• To: mathgroup at smc.vnet.net
• Subject: [mg71988] Re: radical equation
• From: dh <dh at metrohm.ch>
• Date: Thu, 7 Dec 2006 06:25:37 -0500 (EST)
• Organization: hispeed.ch
• References: <el68mn\$2ui\$1@smc.vnet.net>

```
Hi Dimitris,

I think you have one real and 2 complex roots. Consider:

Reduce[{(2 - x)^2 - 4*Sqrt[1 - x]*Sqrt[1 - c*x] == 0, 0 < c < 1, 0 < x <

1}, x]

this give

(0 < c < 1 && x ==Root[-16 + 16 c + 24 #1 - 16 c #1 - 8 #1^2 + #1^3 &, 1]

this means the first root of the polynomial. You can easily verify that

the other 2 roots (e.g. Root[-16 + 16 c + 24 #1 - 16 c #1 - 8 #1^2 +

#1^3 &, 2])are complex.

Daniel

dimitris wrote:

> Consider the following equation

>

> req = (2 - x)^2 - 4*Sqrt[1 - x]*Sqrt[1 - c*x] == 0;

>

> where  {0<x<1  and   0<c<1}.

>

> Ommiting the trivial zero root, the following roots are provided by

> Solve

>

> sols=DeleteCases[Solve[req, x], {x -> 0}]

> {{x -> 8/3 - (8 - 48*c)/(6*(-17 + 45*c + 3*Sqrt[3]*Sqrt[11 - 62*c +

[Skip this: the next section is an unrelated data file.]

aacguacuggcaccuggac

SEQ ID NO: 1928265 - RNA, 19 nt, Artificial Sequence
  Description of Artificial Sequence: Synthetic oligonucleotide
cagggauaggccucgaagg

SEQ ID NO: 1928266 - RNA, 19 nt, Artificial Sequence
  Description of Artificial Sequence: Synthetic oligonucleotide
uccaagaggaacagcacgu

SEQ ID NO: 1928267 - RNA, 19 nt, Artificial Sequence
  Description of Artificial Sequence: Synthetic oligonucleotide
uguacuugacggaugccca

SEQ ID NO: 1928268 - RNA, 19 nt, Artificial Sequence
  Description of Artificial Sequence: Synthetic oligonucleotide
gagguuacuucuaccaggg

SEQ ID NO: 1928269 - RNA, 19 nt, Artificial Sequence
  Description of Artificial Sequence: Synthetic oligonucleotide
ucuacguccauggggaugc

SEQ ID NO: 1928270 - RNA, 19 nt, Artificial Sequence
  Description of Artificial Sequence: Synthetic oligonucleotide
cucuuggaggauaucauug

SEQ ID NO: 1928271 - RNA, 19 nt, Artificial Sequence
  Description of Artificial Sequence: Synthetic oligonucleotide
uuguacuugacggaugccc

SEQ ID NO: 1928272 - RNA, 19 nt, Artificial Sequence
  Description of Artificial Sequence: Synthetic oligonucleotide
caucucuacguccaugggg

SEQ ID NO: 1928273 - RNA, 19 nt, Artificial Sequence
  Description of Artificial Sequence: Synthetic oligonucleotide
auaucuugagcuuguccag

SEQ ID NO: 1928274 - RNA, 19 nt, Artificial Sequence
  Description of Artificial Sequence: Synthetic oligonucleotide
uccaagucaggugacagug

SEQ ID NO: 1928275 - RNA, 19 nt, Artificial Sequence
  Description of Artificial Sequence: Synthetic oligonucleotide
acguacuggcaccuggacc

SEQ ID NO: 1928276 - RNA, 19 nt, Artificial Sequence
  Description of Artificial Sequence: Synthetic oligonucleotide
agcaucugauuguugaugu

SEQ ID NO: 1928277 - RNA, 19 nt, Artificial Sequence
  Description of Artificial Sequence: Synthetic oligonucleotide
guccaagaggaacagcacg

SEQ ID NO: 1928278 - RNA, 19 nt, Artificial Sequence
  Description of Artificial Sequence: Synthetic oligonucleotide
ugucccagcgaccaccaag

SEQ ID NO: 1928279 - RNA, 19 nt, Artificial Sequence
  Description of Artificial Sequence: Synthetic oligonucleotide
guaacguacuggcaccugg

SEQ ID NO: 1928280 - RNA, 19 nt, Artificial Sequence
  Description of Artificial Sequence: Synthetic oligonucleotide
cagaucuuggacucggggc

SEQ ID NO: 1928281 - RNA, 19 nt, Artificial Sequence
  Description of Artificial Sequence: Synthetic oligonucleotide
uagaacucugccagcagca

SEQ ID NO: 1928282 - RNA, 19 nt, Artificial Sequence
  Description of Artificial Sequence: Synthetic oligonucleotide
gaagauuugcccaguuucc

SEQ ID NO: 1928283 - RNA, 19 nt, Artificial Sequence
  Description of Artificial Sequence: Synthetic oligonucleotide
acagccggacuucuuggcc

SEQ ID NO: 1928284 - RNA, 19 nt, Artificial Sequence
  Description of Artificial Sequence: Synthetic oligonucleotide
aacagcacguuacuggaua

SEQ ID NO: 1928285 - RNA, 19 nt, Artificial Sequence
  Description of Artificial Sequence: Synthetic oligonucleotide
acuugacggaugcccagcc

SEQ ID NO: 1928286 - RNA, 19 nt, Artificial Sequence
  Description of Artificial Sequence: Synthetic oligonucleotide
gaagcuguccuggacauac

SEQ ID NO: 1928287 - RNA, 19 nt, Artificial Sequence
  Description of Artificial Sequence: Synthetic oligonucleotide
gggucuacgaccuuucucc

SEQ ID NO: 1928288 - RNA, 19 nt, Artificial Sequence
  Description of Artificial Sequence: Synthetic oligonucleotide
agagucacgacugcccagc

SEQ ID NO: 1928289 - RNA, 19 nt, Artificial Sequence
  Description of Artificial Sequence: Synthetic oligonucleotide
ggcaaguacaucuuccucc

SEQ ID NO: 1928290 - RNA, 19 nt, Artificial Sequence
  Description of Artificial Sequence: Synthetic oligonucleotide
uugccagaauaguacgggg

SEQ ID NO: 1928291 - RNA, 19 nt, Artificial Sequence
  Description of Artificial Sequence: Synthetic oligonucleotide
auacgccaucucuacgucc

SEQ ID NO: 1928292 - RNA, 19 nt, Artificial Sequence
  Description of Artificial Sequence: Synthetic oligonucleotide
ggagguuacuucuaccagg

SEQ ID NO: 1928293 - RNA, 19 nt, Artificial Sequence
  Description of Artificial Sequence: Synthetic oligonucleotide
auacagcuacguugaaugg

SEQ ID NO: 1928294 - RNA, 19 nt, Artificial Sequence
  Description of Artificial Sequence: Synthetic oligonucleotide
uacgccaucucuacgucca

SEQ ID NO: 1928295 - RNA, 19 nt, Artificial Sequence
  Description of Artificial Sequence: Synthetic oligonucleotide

> 107*c^2 - 64*c^3])^(1/3)) +

>      (2/3)*(-17 + 45*c + 3*Sqrt[3]*Sqrt[11 - 62*c + 107*c^2 -

> 64*c^3])^(1/3)},

>   {x -> 8/3 + ((1 + I*Sqrt[3])*(8 - 48*c))/(12*(-17 + 45*c +

> 3*Sqrt[3]*Sqrt[11 - 62*c + 107*c^2 - 64*c^3])^(1/3)) -

>      (1/3)*(1 - I*Sqrt[3])*(-17 + 45*c + 3*Sqrt[3]*Sqrt[11 - 62*c +

> 107*c^2 - 64*c^3])^(1/3)},

>   {x -> 8/3 + ((1 - I*Sqrt[3])*(8 - 48*c))/(12*(-17 + 45*c +

> 3*Sqrt[3]*Sqrt[11 - 62*c + 107*c^2 - 64*c^3])^(1/3)) -

>      (1/3)*(1 + I*Sqrt[3])*(-17 + 45*c + 3*Sqrt[3]*Sqrt[11 - 62*c +

> 107*c^2 - 64*c^3])^(1/3)}}

>

> Applying the principle of the argument it can be proved that req has

> only one solution in

> 0<x<1 for 0<c<1.

>

> Direct substitution of sols to req does not lead anywhere since Solve

> is not capable of doing this kind of verification for extraneous roots.

>

> Any ideas?

>

> Dimitris

>

```

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